Now, when we started these awards in 1996, we did it to encourage more scientists, engineers, and mathematicians to become mentors, and to encourage more minorities, women, and young people with disabilities to seek careers in science and math and technological fields. Today I want to announce a new step in this area. The federal government supports the work, literally, of tens of thousands of scientists and engineers at national labs and universities all across the country. If it were up to George and me, we'd support the work of many more. But these are tens of thousands of potential mentors working for our country through your tax dollar investments.

Today I'm directing the National Science and Technology Council to report back to me in six months with comprehensive recommendations about how we can use this fabulous resource to generate more mentors, to touch more kids, in a way that will have a huge positive impact on this problem we're trying to attack. (Applause.)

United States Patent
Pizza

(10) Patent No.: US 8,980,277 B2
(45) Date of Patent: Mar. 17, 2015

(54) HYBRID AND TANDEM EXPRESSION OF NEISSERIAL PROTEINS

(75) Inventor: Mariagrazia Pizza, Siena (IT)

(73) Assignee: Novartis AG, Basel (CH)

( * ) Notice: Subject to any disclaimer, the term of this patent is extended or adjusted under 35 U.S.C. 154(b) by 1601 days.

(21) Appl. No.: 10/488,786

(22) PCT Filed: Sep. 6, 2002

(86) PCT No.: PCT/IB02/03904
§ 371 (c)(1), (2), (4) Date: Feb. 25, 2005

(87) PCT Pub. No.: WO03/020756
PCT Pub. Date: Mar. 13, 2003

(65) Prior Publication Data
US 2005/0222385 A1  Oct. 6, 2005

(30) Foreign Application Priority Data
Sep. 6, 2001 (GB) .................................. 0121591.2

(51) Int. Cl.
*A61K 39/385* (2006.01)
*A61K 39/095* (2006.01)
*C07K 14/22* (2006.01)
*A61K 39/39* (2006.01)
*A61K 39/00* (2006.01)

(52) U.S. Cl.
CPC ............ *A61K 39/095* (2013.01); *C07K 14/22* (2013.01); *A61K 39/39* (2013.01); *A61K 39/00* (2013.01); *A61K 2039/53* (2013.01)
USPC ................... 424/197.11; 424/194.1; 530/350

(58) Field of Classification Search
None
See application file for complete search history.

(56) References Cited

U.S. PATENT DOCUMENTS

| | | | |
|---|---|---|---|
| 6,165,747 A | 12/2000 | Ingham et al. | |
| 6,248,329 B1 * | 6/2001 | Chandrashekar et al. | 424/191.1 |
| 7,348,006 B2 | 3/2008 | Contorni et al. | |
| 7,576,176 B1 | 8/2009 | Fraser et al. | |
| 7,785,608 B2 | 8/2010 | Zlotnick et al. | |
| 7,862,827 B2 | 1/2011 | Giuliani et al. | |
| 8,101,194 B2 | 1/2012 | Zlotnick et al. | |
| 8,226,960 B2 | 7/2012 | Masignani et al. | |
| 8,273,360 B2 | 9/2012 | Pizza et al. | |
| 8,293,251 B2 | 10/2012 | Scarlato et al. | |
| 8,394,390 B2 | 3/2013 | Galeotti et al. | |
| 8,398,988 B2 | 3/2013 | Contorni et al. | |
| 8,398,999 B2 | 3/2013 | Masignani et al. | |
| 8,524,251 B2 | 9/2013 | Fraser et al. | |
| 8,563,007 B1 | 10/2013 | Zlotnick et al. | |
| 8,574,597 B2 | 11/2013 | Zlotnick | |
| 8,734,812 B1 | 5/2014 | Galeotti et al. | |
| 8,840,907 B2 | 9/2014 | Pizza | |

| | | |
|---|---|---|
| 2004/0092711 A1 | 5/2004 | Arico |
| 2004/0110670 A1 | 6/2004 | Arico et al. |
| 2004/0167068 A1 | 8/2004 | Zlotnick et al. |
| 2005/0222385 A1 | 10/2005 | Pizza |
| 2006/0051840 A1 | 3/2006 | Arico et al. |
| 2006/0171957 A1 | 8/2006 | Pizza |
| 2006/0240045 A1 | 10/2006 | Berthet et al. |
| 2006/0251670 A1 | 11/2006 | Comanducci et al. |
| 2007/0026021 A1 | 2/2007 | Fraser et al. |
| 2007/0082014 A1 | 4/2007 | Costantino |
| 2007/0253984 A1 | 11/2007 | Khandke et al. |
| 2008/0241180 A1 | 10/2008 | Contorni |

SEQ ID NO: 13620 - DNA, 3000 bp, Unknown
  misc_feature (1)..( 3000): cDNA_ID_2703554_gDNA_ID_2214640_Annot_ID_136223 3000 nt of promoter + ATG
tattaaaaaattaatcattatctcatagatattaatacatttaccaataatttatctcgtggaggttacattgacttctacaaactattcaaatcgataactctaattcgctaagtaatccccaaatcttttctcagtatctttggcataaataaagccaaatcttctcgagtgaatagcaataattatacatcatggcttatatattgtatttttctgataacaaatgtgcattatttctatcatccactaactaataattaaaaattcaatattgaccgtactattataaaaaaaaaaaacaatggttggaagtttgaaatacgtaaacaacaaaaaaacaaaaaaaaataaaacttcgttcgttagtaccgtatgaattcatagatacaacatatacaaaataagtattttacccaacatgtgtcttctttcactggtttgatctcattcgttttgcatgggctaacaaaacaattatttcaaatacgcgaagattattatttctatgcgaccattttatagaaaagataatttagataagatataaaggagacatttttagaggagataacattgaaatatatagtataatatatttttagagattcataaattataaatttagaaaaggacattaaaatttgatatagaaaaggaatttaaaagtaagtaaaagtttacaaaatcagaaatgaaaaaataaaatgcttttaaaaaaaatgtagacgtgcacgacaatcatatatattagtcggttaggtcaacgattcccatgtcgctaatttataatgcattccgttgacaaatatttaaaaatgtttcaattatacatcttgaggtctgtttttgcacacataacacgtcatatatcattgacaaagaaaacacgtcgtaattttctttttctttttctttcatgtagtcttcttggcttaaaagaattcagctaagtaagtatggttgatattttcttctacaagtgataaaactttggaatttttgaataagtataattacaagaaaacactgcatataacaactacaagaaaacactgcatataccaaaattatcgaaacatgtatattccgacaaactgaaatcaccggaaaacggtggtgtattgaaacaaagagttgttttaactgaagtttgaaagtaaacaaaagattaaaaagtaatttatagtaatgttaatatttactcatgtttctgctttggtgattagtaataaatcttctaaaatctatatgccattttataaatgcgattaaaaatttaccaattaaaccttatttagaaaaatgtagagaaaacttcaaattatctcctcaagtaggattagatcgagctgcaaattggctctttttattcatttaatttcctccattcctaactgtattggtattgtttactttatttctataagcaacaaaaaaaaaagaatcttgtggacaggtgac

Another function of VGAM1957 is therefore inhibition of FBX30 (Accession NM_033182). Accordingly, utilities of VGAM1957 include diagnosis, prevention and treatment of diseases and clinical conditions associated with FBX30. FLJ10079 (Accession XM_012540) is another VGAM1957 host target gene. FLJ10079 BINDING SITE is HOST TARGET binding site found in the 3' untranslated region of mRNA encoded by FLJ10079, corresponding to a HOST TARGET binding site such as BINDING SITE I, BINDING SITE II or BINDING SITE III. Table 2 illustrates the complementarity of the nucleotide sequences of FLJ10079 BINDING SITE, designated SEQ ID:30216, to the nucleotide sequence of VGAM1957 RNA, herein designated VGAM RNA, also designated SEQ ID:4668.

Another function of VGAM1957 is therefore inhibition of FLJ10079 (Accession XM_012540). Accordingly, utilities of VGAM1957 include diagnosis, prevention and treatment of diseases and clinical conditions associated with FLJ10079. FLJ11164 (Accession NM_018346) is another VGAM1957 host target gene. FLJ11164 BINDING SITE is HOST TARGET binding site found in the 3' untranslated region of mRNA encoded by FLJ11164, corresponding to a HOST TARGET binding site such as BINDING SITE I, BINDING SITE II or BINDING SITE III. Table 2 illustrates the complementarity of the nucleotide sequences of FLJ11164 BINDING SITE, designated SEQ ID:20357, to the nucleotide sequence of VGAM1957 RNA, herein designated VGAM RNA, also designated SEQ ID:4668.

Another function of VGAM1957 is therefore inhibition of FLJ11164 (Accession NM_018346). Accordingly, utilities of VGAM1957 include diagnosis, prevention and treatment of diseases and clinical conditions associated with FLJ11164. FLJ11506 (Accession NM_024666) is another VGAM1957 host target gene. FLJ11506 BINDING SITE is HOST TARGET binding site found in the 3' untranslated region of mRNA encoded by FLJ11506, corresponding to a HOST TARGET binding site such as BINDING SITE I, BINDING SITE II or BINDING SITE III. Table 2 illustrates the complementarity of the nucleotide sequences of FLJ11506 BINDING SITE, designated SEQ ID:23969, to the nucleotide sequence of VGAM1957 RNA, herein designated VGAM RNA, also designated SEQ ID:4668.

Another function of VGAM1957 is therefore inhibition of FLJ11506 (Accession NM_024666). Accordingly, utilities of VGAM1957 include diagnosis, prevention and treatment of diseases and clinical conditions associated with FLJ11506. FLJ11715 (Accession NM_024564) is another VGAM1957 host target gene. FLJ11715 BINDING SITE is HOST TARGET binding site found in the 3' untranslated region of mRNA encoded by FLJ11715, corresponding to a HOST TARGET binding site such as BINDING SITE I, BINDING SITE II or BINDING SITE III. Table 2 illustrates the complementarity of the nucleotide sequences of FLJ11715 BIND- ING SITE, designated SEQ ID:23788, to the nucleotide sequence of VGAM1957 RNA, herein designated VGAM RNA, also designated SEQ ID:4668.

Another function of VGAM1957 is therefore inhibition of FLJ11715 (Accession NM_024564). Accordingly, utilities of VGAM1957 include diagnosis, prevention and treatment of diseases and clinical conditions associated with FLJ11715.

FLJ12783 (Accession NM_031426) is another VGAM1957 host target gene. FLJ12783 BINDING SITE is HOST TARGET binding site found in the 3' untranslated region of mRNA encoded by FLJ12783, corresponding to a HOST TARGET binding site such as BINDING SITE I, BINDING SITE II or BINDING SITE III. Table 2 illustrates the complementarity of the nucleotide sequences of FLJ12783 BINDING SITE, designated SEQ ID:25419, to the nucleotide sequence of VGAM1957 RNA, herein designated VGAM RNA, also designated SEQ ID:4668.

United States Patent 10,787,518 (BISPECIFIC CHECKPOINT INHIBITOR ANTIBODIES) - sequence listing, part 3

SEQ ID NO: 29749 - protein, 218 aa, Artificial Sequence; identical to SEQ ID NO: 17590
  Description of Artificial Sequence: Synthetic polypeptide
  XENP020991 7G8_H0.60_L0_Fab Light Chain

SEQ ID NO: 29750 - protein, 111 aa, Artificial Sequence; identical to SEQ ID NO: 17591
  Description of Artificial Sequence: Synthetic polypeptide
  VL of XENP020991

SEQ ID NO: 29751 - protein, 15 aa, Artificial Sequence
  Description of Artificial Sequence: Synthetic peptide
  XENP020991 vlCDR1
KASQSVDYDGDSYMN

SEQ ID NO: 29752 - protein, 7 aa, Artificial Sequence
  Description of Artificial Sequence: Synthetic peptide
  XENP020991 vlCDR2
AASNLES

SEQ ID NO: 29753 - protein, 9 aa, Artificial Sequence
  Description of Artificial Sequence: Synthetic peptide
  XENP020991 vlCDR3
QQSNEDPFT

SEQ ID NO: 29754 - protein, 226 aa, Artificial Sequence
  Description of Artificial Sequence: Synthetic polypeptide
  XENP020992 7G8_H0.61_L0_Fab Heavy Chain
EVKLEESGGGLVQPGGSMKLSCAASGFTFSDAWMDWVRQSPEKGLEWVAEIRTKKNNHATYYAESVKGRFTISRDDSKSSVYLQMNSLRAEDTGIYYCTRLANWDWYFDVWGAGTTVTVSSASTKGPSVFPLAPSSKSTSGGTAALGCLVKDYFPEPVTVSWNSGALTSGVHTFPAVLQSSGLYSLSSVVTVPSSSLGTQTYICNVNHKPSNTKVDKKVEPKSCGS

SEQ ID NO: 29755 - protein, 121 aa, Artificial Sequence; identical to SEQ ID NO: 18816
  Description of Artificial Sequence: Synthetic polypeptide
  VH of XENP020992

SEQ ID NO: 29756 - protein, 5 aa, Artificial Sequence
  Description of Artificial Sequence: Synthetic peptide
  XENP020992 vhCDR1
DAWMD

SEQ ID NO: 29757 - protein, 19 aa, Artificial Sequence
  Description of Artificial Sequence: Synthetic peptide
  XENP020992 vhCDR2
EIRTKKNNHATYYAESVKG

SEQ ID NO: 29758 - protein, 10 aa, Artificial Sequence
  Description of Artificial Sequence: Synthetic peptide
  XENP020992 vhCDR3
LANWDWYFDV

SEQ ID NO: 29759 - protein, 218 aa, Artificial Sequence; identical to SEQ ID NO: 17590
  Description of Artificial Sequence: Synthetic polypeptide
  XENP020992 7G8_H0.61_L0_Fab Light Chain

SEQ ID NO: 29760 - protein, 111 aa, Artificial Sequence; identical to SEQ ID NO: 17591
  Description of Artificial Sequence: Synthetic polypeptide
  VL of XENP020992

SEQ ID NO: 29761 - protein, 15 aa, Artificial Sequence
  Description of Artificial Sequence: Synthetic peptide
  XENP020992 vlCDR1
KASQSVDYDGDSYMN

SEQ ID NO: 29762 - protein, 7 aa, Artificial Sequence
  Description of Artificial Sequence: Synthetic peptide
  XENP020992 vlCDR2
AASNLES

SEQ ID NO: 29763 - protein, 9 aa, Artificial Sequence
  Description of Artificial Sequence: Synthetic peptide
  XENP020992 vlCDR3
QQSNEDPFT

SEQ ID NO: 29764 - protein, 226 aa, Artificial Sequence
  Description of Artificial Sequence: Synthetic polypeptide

If every scientist and engineer who is doing something as a direct result of federal investment were to become a committed, dedicated mentor, think what it would mean: A teenager from rural Tennessee reaching for the stars as a NASA technician; an inner-city child joining a clinical team that discovers a cure for cancer at the nearest teaching hospital; a first-generation American helping to build the next generation of the Internet.

Henry Adams once said that teachers affect eternity because they can never tell where their influence stops. I believe the same can be said about mentors. And I thank you, each and every one of you, for what you have done to help our country reach its full potential.

Thank you very much. (Applause.)

END 2:03 P.M. EDT